Dengan itu mereka mungkin dapat untung lebih besar. Tapi yang jadi masalah bukan semua barang pengguna Singapura beli adalah buatan atau keluaran Malaysia.

Banyak diimport. Jadi kita kena import lebih banyak barang dan bayar harga lebih tinggi pasal nilai duit kita jatuh untuk tampung permintaan orang asing.

Kunta Kinte bimbang yang sebenarnya dapat faedah adalah pengguna Singapura dan pelancong asing. Bagi pengguna Singapura, kerana nilai duit mereka lebih tinggi daripada duit kita, harga barang di Malaysia secara automatik jadi lebih murah.

Rakyat kita pula susah. Hal ini dah pun jadi di Johor Bahru bila pengguna tempatan terpaksa bersaing dengan pengguna Singapura.

Lagi teruklah kalau peniaga kita pula yang ambil peluang naikkan harga sebab ramai orang Singapura dan pelancong datang beli-belah di negara kita.

Pelancong datang dan pergi. Yang akan tanggung kesan jangka panjang adalah kita. Di pihak lain pula, ada pekerja asing yang rugi sebab nilai duit kita jatuh berbanding mata wang negara mereka.

Ambil contoh pekerja dan pendatang Indonesia. Oleh sebab nilai ringgit jatuh berbanding rupiah, mereka rugi bila hantar balik duit ke Indonesia. Misalnya, kalau pada pertengahan Mei lalu, untuk dapat 1 juta rupiah mereka hanya perlu belanja RM270.

Tapi pada hujung Ogos, mereka kena bayar RM305. Dalam tukaran asing, lagi tinggi angka, lagi rendah nilainya!

Ekonomi kita dinilai

Itu dalam hal tukaran mata wang sahaja. Ada banyak lagi kesan lain ke atas ekonomi serantau. Misalnya, banyak modal dan simpanan tempatan mengalir keluar, khususnya ke Singapura.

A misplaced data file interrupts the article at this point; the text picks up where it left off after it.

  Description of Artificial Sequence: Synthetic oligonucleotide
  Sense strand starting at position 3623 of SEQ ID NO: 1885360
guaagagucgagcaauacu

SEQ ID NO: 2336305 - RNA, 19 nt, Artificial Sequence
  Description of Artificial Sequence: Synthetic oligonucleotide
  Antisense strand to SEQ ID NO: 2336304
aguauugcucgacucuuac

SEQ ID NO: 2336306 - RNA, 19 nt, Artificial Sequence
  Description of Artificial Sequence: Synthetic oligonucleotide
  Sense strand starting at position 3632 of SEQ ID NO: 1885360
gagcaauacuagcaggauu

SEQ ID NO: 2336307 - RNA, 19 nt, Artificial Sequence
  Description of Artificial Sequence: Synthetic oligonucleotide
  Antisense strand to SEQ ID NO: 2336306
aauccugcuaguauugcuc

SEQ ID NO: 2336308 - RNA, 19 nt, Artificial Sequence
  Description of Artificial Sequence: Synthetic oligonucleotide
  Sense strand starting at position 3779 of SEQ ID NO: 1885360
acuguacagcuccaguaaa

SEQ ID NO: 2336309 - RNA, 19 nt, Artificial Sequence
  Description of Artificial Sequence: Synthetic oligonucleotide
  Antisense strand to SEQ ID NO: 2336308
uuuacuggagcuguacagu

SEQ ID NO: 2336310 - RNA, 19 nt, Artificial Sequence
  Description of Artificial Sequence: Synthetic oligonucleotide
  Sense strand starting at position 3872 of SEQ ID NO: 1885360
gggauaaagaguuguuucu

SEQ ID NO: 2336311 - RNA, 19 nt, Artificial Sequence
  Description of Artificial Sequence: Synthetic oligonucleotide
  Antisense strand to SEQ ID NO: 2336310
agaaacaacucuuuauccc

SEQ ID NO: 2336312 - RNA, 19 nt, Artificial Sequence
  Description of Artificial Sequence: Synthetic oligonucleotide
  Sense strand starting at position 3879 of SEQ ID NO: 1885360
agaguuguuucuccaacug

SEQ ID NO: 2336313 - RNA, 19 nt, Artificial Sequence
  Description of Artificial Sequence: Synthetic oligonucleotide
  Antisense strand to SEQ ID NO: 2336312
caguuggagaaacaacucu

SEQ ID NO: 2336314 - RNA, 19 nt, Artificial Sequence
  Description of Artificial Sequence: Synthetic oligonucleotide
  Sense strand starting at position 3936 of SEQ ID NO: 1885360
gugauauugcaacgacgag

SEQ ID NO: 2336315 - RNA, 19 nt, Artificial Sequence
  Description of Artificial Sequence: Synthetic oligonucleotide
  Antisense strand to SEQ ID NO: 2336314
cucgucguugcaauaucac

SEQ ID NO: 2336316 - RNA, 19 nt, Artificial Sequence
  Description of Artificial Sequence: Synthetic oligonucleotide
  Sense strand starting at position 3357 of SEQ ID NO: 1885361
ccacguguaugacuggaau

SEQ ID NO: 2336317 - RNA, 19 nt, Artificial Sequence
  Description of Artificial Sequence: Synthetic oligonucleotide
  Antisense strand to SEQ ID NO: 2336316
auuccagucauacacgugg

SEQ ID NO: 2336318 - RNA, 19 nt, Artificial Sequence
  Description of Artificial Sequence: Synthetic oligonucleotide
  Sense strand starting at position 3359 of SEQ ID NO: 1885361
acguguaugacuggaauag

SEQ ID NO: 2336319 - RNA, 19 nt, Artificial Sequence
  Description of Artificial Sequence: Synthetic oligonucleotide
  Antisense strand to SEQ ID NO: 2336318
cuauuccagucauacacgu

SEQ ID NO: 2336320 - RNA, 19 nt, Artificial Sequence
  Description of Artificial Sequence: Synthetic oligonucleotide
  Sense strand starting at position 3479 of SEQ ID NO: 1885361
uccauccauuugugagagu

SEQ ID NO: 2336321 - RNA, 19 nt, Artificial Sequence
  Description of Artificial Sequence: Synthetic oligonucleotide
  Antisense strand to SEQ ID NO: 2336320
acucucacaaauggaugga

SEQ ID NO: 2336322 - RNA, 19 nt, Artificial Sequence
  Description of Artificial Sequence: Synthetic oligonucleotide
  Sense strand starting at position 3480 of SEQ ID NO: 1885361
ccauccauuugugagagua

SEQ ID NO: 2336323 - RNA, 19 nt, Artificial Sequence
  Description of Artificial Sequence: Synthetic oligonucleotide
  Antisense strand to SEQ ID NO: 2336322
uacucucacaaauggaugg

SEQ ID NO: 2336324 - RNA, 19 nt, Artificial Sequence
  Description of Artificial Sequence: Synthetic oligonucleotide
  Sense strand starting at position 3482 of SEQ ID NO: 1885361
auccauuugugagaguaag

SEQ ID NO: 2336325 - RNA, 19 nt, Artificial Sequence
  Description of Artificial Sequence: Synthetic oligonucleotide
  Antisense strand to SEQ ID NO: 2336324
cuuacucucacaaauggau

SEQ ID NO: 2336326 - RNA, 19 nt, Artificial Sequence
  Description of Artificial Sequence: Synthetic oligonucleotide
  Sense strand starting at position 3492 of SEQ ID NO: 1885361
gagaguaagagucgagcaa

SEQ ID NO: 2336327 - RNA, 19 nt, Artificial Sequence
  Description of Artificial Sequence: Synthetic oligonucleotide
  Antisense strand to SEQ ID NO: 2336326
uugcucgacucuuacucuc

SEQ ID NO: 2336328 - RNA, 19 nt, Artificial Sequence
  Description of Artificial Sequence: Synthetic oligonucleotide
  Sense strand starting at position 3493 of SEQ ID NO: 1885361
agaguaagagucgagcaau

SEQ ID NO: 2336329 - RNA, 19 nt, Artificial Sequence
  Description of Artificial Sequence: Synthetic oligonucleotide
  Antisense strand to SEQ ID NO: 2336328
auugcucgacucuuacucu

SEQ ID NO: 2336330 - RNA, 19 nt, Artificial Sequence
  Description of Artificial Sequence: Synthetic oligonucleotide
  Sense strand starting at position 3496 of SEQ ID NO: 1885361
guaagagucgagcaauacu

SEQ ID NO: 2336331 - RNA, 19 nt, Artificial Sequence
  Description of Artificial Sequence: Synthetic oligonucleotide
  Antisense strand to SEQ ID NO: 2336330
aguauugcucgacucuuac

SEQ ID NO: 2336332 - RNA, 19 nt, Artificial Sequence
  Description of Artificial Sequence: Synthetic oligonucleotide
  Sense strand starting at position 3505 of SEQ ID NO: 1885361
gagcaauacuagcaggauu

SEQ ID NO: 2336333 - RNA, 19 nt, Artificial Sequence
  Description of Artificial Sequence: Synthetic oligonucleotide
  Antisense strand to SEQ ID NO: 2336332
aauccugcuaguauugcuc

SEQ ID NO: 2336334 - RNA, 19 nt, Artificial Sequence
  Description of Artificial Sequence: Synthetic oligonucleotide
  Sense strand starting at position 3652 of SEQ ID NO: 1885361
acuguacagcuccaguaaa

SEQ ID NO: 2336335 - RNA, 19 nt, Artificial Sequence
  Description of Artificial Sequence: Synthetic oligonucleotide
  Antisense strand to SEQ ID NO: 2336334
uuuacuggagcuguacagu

Orang yang faham ekonomi dan kewangan tahu, iaitu setiap kali ada negara di rantau ini hadapi masalah, Singapura untung. Duit akan mengalir ke Singapura untuk cari 'perlindungan'.

Bila orang bawa duit ke Singapura, mereka kena beli dolar negara itu. Bila ramai orang beli dolar Singapura, nilainya naik. Sekarang kadar tukaran ringgit-dolar sudah lebih RM3 bagi setiap dolar Singapura.

Natijahnya, kalau negara jiran bimbang kesan ekonomi kita ke atas mereka, kita sepatutnya lebih lagi bimbang daripada mereka. Di segi pariti kuasa membeli (purchasing power parity) kita sebenarnya sudah kurang daripada setahun lalu.

Bila nilai duit kita jatuh, kos barang secara automatik naik. Sebab itulah dalam keadaan apa pun kita tak boleh abaikan pengurusan ekonomi dan kewangan.

Setiap hari, tanpa berhenti, duit kita dan ekonomi kita dinilai dan ditarafkan oleh pasaran dunia. Pasaran dunia tak pernah tidur. Ia bergerak ikut matahari.

Pasaran Malaysia tutup, pasaran India buka lagi. India tutup, Dubai buka. Dubai tutup, Eropah buka. Eropah tutup, Amerika buka. Amerika tutup, Jepun buka.

Macam itulah duit dan ekonomi kita dinilai dan ditarafkan 24 jam sehari. Kalau pasaran percaya kepada kita, Alhamdulillah. Kalau tidak buruklah padahnya. Wallahuaklam.

Kunta Kinte Berita Harian Kolumnis 5 Spetember 2015

Ikhlaskah tindak tanduk TI dan Amnesty?

TANPA maklumat jelas berkenaan hal ehwal dalaman Malaysia, beberapa pemimpin pertubuhan bukan kerajaan (NGO) asing mengambil peluang berucap di sebuah persidangan antarabangsa di Putrajaya berakhir Jumaat lalu untuk memperkecil-kecilkan negara kita.

Walaupun terdiri daripada bijak pandai, tindakan mereka adalah sebaliknya apabila membuta tuli mengkritik negara dalam mengendalikan soal rasuah dan menguruskan kebebasan hak asasi.